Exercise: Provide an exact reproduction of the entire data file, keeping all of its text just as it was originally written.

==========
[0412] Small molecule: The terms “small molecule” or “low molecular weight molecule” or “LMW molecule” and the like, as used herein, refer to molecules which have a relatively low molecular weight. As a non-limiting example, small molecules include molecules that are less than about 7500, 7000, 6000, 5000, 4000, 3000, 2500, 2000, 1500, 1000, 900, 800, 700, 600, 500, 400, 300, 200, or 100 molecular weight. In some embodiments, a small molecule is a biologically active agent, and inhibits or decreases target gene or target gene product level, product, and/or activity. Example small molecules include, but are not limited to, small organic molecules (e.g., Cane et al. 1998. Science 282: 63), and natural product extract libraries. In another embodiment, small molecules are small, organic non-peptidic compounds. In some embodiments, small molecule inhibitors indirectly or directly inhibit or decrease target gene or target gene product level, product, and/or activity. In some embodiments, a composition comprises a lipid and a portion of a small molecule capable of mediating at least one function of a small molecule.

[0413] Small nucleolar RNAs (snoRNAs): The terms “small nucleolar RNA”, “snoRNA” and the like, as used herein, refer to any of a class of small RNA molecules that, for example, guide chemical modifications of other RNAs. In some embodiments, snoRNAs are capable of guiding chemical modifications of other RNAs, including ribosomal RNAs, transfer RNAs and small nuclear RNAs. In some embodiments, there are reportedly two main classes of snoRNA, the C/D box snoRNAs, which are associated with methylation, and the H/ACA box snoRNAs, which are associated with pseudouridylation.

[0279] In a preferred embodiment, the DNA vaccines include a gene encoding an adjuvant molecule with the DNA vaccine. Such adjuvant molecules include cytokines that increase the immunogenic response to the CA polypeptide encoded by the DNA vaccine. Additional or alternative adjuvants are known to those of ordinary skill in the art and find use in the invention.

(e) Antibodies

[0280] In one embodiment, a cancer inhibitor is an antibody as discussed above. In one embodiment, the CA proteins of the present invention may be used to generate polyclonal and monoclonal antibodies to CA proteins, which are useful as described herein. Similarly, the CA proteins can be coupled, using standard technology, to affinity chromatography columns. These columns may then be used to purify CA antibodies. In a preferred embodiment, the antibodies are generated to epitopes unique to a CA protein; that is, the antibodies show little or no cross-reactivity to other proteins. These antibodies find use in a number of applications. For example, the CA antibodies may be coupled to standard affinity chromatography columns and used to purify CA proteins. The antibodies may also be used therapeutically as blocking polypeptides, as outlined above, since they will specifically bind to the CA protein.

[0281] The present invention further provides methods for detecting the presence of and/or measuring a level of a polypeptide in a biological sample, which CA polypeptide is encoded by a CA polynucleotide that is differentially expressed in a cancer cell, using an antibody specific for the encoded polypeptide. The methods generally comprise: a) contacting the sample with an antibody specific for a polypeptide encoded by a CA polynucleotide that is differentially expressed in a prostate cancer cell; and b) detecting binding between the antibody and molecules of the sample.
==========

[0412] Small molecule: The terms “small molecule” or “low molecular weight molecule” or “LMW molecule” and the like, as used herein, refer to molecules which have a relatively low molecular weight. As a non-limiting example, small molecules include molecules that are less than about 7500, 7000, 6000, 5000, 4000, 3000, 2500, 2000, 1500, 1000, 900, 800, 700, 600, 500, 400, 300, 200, or 100 molecular weight. In some embodiments, a small molecule is a biologically active agent, and inhibits or decreases target gene or target gene product level, product, and/or activity. Example small molecules include, but are not limited to, small organic molecules (e.g., Cane et al. 1998. Science 282: 63), and natural product extract libraries. In another embodiment, small molecules are small, organic non-peptidic compounds. In some embodiments, small molecule inhibitors indirectly or directly inhibit or decrease target gene or target gene product level, product, and/or activity. In some embodiments, a composition comprises a lipid and a portion of a small molecule capable of mediating at least one function of a small molecule.

[0413] Small nucleolar RNAs (snoRNAs): The terms “small nucleolar RNA”, “snoRNA” and the like, as used herein, refer to any of a class of small RNA molecules that, for example, guide chemical modifications of other RNAs. In some embodiments, snoRNAs are capable of guiding chemical modifications of other RNAs, including ribosomal RNAs, transfer RNAs and small nuclear RNAs. In some embodiments, there are reportedly two main classes of snoRNA, the C/D box snoRNAs, which are associated with methylation, and the H/ACA box snoRNAs, which are associated with pseudouridylation.

[0279] In a preferred embodiment, the DNA vaccines include a gene encoding an adjuvant molecule with the DNA vaccine. Such adjuvant molecules include cytokines that increase the immunogenic response to the CA polypeptide encoded by the DNA vaccine. Additional or alternative adjuvants are known to those of ordinary skill in the art and find use in the invention.

(e) Antibodies

[0280] In one embodiment, a cancer inhibitor is an antibody as discussed above. In one embodiment, the CA proteins of the present invention may be used to generate polyclonal and monoclonal antibodies to CA proteins, which are useful as described herein. Similarly, the CA proteins can be coupled, using standard technology, to affinity chromatography columns. These columns may then be used to purify CA antibodies. In a preferred embodiment, the antibodies are generated to epitopes unique to a CA protein; that is, the antibodies show little or no cross-reactivity to other proteins. These antibodies find use in a number of applications. For example, the CA antibodies may be coupled to standard affinity chromatography columns and used to purify CA proteins. The antibodies may also be used therapeutically as blocking polypeptides, as outlined above, since they will specifically bind to the CA protein.

[0281] The present invention further provides methods for detecting the presence of and/or measuring a level of a polypeptide in a biological sample, which CA polypeptide is encoded by a CA polynucleotide that is differentially expressed in a cancer cell, using an antibody specific for the encoded polypeptide. The methods generally comprise: a) contacting the sample with an antibody specific for a polypeptide encoded by a CA polynucleotide that is differentially expressed in a prostate cancer cell; and b) detecting binding between the antibody and molecules of the sample.